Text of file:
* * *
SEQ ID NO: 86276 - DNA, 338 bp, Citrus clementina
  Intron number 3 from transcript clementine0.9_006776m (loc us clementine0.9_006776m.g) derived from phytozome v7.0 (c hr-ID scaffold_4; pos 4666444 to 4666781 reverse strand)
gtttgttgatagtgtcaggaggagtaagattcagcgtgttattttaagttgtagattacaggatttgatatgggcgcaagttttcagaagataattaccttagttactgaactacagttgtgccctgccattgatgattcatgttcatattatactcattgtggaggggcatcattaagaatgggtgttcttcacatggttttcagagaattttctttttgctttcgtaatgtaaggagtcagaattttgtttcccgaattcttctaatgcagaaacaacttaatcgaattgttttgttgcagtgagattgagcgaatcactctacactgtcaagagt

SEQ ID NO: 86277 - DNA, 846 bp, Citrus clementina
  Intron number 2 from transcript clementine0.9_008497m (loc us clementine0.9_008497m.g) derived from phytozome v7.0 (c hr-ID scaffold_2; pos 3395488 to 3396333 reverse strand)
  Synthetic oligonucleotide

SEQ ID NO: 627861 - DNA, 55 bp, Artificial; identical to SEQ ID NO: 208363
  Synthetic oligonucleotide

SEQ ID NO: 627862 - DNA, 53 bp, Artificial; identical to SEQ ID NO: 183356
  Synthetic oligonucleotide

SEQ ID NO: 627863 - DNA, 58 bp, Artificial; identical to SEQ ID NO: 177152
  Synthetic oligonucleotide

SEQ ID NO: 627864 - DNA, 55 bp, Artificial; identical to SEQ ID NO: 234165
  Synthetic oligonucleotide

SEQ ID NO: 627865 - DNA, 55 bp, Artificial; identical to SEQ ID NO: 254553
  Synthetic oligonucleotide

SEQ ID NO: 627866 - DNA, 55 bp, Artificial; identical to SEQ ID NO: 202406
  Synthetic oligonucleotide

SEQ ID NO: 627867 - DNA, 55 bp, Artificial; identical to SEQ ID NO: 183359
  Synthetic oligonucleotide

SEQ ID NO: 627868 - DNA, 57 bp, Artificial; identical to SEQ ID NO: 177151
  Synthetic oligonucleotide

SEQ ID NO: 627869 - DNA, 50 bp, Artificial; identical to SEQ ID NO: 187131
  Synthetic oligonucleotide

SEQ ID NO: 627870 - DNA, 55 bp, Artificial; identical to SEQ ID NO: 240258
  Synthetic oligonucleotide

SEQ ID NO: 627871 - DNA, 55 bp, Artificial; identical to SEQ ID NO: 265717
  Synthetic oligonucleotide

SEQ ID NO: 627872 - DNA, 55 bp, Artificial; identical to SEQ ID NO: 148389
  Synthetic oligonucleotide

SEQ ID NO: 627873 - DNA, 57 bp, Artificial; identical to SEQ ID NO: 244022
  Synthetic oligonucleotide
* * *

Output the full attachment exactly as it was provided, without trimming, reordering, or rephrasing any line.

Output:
SEQ ID NO: 86276 - DNA, 338 bp, Citrus clementina
  Intron number 3 from transcript clementine0.9_006776m (loc us clementine0.9_006776m.g) derived from phytozome v7.0 (c hr-ID scaffold_4; pos 4666444 to 4666781 reverse strand)
gtttgttgatagtgtcaggaggagtaagattcagcgtgttattttaagttgtagattacaggatttgatatgggcgcaagttttcagaagataattaccttagttactgaactacagttgtgccctgccattgatgattcatgttcatattatactcattgtggaggggcatcattaagaatgggtgttcttcacatggttttcagagaattttctttttgctttcgtaatgtaaggagtcagaattttgtttcccgaattcttctaatgcagaaacaacttaatcgaattgttttgttgcagtgagattgagcgaatcactctacactgtcaagagt

SEQ ID NO: 86277 - DNA, 846 bp, Citrus clementina
  Intron number 2 from transcript clementine0.9_008497m (loc us clementine0.9_008497m.g) derived from phytozome v7.0 (c hr-ID scaffold_2; pos 3395488 to 3396333 reverse strand)
  Synthetic oligonucleotide

SEQ ID NO: 627861 - DNA, 55 bp, Artificial; identical to SEQ ID NO: 208363
  Synthetic oligonucleotide

SEQ ID NO: 627862 - DNA, 53 bp, Artificial; identical to SEQ ID NO: 183356
  Synthetic oligonucleotide

SEQ ID NO: 627863 - DNA, 58 bp, Artificial; identical to SEQ ID NO: 177152
  Synthetic oligonucleotide

SEQ ID NO: 627864 - DNA, 55 bp, Artificial; identical to SEQ ID NO: 234165
  Synthetic oligonucleotide

SEQ ID NO: 627865 - DNA, 55 bp, Artificial; identical to SEQ ID NO: 254553
  Synthetic oligonucleotide

SEQ ID NO: 627866 - DNA, 55 bp, Artificial; identical to SEQ ID NO: 202406
  Synthetic oligonucleotide

SEQ ID NO: 627867 - DNA, 55 bp, Artificial; identical to SEQ ID NO: 183359
  Synthetic oligonucleotide

SEQ ID NO: 627868 - DNA, 57 bp, Artificial; identical to SEQ ID NO: 177151
  Synthetic oligonucleotide

SEQ ID NO: 627869 - DNA, 50 bp, Artificial; identical to SEQ ID NO: 187131
  Synthetic oligonucleotide

SEQ ID NO: 627870 - DNA, 55 bp, Artificial; identical to SEQ ID NO: 240258
  Synthetic oligonucleotide

SEQ ID NO: 627871 - DNA, 55 bp, Artificial; identical to SEQ ID NO: 265717
  Synthetic oligonucleotide

SEQ ID NO: 627872 - DNA, 55 bp, Artificial; identical to SEQ ID NO: 148389
  Synthetic oligonucleotide

SEQ ID NO: 627873 - DNA, 57 bp, Artificial; identical to SEQ ID NO: 244022
  Synthetic oligonucleotide